You're exactly right, the answer is $11$ times every $12$ hours, or $1$ time every $\frac{12}{11}$ of an hour, which works out to about once every $1$ hour, $5$ minutes, and $27.27$ seconds. This isn't an average either; the amount of time that passes between each meeting of the two hands is constant.

Just think about the time 11:59, and count through $12$ hours. You'll notice that there is a meeting for each hour $12,1,2,3,\ldots,10$, but no meeting for the $11$th hour because you stop at 11:59. This makes $11$ meetings in $12$ hours.

It's not too hard to see why the time passing between two meetings is constant. Just think about the rotational symmetry.

Another (and more difficult way) to look at the problem is to calculate the angular speed of each hand. Using convenient units, we have the minute hand traveling at a rate of $60$ units per hour, and the hour hand travels at a rate of $5$ units per hour. Thus, we would like to solve the following equation:

$$60t=5t\operatorname{mod}60$$

$0$ clearly solves the equation, so we look for the smallest positive value of $t$ solving it. Thus we want to solve:

$$55t=60$$

which gives us $t=\frac{12}{11}$ hours as before.

The overlap (possibility that both children are of the specific kind mentioned) is the issue, I think. Here’s a picture that helped me understand. Consider a random point $(x,y)$ in the unit square.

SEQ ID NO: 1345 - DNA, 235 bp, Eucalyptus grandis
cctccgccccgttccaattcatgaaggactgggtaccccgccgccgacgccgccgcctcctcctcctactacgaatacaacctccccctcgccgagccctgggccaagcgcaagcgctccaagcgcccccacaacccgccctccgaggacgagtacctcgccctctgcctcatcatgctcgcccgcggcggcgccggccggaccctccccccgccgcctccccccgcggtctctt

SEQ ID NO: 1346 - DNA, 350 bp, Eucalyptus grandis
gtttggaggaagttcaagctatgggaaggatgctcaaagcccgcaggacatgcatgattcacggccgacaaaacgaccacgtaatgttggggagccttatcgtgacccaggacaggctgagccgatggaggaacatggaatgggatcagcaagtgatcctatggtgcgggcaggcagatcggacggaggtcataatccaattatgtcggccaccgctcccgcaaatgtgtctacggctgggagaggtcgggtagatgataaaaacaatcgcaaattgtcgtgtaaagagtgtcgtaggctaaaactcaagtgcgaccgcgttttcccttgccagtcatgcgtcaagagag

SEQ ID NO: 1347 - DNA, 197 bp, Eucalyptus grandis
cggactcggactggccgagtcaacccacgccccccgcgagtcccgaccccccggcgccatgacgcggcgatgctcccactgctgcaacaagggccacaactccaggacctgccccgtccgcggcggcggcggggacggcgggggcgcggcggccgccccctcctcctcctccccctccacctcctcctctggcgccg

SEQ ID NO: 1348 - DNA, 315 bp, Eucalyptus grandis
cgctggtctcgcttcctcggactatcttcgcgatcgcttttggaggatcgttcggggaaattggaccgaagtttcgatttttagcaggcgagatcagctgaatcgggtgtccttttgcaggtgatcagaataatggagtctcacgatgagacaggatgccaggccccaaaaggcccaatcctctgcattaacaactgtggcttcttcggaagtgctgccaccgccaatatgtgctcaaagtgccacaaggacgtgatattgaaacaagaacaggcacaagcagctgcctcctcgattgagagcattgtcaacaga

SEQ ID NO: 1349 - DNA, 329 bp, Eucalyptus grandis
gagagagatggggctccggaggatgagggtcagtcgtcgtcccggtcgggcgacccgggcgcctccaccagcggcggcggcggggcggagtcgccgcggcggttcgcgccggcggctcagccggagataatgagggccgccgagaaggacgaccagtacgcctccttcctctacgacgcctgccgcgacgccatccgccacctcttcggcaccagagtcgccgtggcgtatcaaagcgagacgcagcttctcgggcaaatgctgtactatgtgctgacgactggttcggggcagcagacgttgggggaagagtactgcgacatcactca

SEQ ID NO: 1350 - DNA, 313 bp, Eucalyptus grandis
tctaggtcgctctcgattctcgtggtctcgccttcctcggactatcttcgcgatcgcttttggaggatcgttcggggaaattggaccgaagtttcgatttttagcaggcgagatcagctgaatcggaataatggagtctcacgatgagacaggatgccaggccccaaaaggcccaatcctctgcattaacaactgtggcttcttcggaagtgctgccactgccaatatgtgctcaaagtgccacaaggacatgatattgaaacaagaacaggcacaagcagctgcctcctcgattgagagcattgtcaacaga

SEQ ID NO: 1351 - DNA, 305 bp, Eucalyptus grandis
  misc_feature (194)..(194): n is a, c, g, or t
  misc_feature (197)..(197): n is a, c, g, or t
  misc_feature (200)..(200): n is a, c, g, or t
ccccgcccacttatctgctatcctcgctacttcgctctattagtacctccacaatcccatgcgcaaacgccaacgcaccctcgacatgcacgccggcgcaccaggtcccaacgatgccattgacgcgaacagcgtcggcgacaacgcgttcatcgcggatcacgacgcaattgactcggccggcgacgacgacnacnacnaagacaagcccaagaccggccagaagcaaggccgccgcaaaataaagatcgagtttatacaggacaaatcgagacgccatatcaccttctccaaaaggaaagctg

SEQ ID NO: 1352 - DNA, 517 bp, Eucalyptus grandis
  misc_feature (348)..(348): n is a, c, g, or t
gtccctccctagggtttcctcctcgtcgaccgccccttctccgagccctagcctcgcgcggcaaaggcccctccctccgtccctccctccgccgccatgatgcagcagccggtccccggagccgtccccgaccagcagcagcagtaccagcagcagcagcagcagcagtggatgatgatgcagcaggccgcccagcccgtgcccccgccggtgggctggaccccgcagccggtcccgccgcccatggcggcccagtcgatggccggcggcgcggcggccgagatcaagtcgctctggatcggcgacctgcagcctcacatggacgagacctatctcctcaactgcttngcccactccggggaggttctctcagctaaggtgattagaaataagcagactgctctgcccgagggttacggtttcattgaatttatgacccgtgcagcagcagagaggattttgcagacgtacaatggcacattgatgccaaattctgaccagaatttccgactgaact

If you know that one of the two coordinates is bigger than $1/2$ (in set $A$), you have narrowed down the possibilities to the solid red region in the left picture. The chance that the other coordinate is also bigger than $1/2$ (you’re in $A\times A$) is about $1/3$ (blue-spotted part of the red region). It’s significantly less than the size of $A$ ($1/2$), because $A\times A$ is a significant part of $A\times I\cup I\times A$, the red region you know you’re in.

However, if you know that one coordinate is not only in $A$, but also in $B$ (say between $0.67$ and $0.71$), you are in the cross-shaped region on the right ($B\times I\cup I\times B$). The blue part of that region ($A\times B\cup B\times A$) is pretty close to $1/2$ of the cross, because the overlap is not so significant.

## Best Answer

Since Javes has

more than$40$ books, he hasat least$41$ books. Thus, Aslam has at least $5\cdot 41=205$ books. Since his number of books is a multiple of $4$ and $5$, it is a multiple of $20$. Thus, he has at least $220$ books.Say that $a$ is the number of books Aslam has. We know that $4|a$ ($4$ divides $a$) and that $5|a$. In general, if $k|x$ and $l|x$, it follows that $\text{lcm}(k,l)|x$, where $\text{lcm}(k,l)$ is the least common multiple of $k$ and $l$. Since the smallest number that is a multiple of both $4$ and $5$ is $20$, it follows that $20|a$.